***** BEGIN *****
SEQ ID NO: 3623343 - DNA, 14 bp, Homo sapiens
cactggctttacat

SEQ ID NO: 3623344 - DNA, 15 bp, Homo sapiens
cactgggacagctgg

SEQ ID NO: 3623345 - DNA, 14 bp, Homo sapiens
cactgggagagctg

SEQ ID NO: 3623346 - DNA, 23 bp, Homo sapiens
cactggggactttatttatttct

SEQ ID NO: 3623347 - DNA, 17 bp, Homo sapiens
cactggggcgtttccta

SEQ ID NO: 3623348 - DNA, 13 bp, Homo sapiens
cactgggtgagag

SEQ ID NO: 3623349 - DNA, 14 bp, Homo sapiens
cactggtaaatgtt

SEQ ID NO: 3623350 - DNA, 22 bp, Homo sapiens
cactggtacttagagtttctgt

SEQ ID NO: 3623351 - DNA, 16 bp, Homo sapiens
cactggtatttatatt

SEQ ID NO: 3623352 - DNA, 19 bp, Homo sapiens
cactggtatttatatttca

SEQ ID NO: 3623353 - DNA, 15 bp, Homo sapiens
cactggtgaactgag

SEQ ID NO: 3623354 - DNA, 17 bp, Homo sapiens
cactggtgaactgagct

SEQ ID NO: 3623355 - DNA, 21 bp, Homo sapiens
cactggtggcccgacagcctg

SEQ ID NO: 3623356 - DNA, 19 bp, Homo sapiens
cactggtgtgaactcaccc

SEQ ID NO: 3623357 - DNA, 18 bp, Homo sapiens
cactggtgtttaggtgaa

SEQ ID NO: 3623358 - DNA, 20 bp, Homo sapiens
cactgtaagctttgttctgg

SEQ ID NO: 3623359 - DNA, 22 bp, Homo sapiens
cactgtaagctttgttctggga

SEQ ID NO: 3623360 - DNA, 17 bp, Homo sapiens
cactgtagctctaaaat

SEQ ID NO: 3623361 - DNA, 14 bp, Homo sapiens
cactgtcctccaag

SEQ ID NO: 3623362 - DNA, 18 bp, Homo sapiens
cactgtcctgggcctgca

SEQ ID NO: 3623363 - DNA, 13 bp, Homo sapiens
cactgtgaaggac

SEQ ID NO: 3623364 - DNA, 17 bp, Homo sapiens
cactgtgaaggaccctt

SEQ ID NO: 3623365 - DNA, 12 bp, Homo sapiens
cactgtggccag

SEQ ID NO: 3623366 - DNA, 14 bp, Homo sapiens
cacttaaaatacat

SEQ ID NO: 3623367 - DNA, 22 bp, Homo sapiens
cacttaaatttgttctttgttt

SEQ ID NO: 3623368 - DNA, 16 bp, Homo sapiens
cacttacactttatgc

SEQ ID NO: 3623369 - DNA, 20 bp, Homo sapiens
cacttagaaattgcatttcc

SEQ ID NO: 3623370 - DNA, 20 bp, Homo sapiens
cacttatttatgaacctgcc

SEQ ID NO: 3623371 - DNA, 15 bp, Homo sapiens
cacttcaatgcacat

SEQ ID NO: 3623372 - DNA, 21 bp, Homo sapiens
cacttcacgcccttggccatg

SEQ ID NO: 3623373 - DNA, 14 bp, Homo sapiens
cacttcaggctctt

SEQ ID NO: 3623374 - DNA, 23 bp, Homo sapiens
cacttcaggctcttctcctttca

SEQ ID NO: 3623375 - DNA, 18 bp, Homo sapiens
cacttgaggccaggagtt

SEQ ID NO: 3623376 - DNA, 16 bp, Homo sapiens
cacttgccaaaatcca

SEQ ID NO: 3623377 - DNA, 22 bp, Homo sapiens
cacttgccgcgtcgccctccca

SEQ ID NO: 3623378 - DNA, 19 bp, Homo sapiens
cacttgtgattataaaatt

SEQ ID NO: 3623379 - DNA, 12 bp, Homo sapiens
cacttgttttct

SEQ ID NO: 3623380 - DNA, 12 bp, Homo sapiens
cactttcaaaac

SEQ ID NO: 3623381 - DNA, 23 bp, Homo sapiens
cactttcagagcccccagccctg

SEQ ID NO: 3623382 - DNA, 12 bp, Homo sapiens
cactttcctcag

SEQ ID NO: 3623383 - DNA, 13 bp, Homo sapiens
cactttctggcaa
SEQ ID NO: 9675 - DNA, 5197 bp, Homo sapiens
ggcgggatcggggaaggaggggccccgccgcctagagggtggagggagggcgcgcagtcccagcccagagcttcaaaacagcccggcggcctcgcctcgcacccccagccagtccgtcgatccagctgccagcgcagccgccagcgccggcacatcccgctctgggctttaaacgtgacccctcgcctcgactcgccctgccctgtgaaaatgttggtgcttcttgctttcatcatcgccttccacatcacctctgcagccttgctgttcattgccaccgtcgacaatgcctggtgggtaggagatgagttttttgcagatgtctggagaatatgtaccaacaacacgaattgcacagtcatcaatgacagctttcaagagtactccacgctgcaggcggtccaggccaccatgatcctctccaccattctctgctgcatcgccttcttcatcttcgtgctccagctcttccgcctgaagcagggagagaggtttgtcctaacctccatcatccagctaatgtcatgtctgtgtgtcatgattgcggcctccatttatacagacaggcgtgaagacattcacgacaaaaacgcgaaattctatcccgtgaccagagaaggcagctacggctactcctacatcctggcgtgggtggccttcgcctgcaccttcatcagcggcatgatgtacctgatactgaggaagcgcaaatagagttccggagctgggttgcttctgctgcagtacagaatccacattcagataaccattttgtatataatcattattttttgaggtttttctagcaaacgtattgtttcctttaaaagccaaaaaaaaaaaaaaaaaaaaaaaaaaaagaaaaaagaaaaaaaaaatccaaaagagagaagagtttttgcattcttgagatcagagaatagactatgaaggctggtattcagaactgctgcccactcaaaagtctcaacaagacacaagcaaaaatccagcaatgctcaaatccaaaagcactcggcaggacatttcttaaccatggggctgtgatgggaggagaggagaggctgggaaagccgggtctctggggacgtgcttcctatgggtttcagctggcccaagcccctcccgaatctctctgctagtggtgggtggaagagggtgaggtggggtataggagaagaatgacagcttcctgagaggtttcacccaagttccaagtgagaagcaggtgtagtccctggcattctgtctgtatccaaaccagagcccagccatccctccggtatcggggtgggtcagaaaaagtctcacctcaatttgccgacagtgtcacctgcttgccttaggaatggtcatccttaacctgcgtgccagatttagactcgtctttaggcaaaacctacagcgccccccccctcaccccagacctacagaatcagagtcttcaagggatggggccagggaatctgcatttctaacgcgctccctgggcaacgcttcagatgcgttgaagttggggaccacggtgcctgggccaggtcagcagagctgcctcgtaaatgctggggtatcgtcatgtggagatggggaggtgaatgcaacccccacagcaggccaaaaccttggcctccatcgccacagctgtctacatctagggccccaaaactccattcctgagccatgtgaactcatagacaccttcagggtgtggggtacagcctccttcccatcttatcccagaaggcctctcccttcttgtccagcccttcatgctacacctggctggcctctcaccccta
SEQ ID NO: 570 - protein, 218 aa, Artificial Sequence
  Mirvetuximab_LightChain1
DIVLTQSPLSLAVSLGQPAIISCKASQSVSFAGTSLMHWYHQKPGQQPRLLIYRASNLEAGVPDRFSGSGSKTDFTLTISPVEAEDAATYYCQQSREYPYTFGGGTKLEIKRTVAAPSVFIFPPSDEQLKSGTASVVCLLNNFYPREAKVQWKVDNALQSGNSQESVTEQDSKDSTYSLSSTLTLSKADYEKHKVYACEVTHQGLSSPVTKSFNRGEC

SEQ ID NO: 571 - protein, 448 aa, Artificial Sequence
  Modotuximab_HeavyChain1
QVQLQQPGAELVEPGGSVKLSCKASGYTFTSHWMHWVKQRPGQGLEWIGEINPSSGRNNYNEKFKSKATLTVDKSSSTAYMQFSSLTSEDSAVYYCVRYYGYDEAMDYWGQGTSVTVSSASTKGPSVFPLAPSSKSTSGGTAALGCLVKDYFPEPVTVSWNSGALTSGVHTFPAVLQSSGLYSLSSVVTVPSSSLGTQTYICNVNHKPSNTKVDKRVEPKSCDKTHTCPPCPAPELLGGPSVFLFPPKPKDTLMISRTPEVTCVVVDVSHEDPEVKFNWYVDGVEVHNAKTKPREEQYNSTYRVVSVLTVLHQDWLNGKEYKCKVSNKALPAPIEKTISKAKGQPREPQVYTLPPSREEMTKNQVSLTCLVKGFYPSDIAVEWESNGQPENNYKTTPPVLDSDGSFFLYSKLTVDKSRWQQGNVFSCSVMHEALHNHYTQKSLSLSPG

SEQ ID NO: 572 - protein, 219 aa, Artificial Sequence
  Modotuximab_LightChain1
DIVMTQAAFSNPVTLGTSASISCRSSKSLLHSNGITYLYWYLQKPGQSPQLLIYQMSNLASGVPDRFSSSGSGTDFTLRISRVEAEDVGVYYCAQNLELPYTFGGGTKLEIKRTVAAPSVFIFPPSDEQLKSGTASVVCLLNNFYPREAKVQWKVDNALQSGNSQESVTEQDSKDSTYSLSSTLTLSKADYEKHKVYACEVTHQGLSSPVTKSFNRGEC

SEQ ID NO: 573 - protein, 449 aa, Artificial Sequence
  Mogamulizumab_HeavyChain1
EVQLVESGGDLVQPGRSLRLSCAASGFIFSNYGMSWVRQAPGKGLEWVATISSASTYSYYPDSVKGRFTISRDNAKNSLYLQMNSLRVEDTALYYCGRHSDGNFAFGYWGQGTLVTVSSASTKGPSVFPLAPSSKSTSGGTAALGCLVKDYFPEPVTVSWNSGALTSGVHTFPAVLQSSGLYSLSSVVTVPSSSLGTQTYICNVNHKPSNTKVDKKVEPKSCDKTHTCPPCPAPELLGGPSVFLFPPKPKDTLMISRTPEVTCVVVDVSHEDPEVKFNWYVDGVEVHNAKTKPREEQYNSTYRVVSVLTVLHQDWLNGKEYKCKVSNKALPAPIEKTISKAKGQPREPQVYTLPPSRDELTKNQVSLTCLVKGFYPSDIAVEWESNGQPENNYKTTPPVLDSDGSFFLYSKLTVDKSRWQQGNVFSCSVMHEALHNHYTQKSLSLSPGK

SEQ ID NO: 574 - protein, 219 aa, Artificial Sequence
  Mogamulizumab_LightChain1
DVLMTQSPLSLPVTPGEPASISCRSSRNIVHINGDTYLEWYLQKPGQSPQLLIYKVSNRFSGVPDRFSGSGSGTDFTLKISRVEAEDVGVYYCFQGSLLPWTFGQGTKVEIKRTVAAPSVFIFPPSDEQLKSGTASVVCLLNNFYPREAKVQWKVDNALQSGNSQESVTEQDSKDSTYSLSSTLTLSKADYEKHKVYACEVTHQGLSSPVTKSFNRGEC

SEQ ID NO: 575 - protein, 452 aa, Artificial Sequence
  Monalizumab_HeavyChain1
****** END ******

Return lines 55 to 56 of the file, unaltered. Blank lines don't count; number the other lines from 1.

SEQ ID NO: 3623370 - DNA, 20 bp, Homo sapiens
cacttatttatgaacctgcc